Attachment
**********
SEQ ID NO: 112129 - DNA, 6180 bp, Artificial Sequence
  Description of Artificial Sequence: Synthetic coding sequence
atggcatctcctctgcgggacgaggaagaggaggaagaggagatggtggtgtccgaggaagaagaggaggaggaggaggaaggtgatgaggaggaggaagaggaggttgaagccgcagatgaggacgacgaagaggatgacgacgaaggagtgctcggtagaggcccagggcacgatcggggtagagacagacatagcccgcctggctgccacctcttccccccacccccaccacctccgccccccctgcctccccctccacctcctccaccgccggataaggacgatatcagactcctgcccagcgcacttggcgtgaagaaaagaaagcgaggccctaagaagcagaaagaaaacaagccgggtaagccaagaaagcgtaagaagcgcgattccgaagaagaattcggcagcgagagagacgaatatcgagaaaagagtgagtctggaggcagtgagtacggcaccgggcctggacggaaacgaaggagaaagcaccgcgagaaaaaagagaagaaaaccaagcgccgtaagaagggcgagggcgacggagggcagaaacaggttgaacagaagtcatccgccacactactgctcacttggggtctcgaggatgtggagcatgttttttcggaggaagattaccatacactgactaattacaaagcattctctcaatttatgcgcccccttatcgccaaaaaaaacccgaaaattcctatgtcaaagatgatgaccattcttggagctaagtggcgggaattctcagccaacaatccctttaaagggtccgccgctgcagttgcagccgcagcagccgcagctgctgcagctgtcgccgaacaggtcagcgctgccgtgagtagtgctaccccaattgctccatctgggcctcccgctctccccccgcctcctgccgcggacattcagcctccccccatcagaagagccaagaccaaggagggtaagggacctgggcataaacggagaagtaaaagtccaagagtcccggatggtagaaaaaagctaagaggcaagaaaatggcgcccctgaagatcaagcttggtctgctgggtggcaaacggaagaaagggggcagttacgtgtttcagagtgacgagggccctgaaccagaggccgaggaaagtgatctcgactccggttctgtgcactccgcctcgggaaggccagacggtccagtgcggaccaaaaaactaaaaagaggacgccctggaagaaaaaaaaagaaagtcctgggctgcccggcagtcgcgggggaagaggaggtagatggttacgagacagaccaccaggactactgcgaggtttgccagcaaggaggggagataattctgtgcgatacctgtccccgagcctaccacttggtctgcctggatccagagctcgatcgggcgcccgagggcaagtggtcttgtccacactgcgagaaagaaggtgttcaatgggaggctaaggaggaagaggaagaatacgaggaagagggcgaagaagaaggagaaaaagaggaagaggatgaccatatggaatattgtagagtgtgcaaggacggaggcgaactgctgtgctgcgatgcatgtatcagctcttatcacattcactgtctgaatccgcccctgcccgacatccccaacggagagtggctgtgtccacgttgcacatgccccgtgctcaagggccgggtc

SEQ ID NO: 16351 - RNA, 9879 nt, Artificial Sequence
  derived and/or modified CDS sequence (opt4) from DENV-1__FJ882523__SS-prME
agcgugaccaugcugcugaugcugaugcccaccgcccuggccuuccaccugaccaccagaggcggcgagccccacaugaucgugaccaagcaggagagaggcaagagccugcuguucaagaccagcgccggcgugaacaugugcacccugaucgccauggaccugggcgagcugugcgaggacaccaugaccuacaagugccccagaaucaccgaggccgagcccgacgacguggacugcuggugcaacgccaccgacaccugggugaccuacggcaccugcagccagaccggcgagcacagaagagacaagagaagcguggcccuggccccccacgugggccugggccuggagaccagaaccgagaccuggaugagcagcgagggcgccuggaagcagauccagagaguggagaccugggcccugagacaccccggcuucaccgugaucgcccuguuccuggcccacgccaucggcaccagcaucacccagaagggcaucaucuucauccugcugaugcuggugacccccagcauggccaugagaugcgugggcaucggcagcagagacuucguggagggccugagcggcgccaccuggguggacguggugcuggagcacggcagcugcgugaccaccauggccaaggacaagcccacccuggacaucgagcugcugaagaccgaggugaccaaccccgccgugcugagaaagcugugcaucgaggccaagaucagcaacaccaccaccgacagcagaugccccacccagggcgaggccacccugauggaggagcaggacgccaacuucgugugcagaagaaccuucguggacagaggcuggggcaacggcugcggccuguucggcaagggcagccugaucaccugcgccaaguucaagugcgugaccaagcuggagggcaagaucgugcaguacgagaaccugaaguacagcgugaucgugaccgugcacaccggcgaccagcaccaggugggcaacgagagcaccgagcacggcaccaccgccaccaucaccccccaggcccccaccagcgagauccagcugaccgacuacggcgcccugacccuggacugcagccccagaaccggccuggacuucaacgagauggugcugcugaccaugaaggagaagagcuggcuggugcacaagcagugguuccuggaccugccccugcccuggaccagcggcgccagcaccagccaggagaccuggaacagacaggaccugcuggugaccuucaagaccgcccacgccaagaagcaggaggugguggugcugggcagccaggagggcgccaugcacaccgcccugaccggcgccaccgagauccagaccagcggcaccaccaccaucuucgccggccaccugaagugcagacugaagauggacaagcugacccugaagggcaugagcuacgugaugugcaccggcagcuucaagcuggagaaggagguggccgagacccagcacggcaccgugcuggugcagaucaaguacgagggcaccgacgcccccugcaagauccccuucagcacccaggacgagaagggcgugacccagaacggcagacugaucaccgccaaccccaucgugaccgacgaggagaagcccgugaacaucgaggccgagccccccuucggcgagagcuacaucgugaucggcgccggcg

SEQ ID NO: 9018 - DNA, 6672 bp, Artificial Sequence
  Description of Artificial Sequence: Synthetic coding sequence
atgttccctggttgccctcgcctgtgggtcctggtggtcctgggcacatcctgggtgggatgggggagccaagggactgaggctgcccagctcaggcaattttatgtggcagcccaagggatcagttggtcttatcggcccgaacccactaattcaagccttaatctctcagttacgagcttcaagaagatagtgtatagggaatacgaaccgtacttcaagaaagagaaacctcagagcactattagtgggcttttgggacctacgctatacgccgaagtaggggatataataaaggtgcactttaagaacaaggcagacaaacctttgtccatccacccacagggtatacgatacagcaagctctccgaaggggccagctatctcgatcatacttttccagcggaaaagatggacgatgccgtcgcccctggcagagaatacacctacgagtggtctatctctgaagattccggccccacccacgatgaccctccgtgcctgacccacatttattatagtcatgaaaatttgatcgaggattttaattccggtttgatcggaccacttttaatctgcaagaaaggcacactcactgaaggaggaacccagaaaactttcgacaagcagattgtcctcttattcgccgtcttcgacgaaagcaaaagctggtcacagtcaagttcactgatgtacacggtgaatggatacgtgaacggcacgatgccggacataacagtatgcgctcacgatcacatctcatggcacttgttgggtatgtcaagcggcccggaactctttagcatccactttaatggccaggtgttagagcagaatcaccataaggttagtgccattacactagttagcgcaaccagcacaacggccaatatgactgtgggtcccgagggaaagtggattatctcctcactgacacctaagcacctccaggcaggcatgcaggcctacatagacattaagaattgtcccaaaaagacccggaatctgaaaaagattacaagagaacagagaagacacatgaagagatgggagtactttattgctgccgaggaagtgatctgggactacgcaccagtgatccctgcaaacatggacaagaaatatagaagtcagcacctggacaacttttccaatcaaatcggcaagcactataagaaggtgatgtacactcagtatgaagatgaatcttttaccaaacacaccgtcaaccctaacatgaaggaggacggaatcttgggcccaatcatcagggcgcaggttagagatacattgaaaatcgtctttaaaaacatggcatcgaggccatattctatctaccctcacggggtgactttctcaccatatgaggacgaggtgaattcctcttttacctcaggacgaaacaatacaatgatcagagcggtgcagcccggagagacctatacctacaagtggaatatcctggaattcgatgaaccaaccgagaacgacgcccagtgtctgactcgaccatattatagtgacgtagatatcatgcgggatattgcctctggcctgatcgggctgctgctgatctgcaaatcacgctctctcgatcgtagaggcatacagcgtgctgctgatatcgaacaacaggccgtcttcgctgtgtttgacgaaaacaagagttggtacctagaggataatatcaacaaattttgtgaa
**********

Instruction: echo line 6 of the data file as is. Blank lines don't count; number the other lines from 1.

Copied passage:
agcgugaccaugcugcugaugcugaugcccaccgcccuggccuuccaccugaccaccagaggcggcgagccccacaugaucgugaccaagcaggagagaggcaagagccugcuguucaagaccagcgccggcgugaacaugugcacccugaucgccauggaccugggcgagcugugcgaggacaccaugaccuacaagugccccagaaucaccgaggccgagcccgacgacguggacugcuggugcaacgccaccgacaccugggugaccuacggcaccugcagccagaccggcgagcacagaagagacaagagaagcguggcccuggccccccacgugggccugggccuggagaccagaaccgagaccuggaugagcagcgagggcgccuggaagcagauccagagaguggagaccugggcccugagacaccccggcuucaccgugaucgcccuguuccuggcccacgccaucggcaccagcaucacccagaagggcaucaucuucauccugcugaugcuggugacccccagcauggccaugagaugcgugggcaucggcagcagagacuucguggagggccugagcggcgccaccuggguggacguggugcuggagcacggcagcugcgugaccaccauggccaaggacaagcccacccuggacaucgagcugcugaagaccgaggugaccaaccccgccgugcugagaaagcugugcaucgaggccaagaucagcaacaccaccaccgacagcagaugccccacccagggcgaggccacccugauggaggagcaggacgccaacuucgugugcagaagaaccuucguggacagaggcuggggcaacggcugcggccuguucggcaagggcagccugaucaccugcgccaaguucaagugcgugaccaagcuggagggcaagaucgugcaguacgagaaccugaaguacagcgugaucgugaccgugcacaccggcgaccagcaccaggugggcaacgagagcaccgagcacggcaccaccgccaccaucaccccccaggcccccaccagcgagauccagcugaccgacuacggcgcccugacccuggacugcagccccagaaccggccuggacuucaacgagauggugcugcugaccaugaaggagaagagcuggcuggugcacaagcagugguuccuggaccugccccugcccuggaccagcggcgccagcaccagccaggagaccuggaacagacaggaccugcuggugaccuucaagaccgcccacgccaagaagcaggaggugguggugcugggcagccaggagggcgccaugcacaccgcccugaccggcgccaccgagauccagaccagcggcaccaccaccaucuucgccggccaccugaagugcagacugaagauggacaagcugacccugaagggcaugagcuacgugaugugcaccggcagcuucaagcuggagaaggagguggccgagacccagcacggcaccgugcuggugcagaucaaguacgagggcaccgacgcccccugcaagauccccuucagcacccaggacgagaagggcgugacccagaacggcagacugaucaccgccaaccccaucgugaccgacgaggagaagcccgugaacaucgaggccgagccccccuucggcgagagcuacaucgugaucggcgccggcg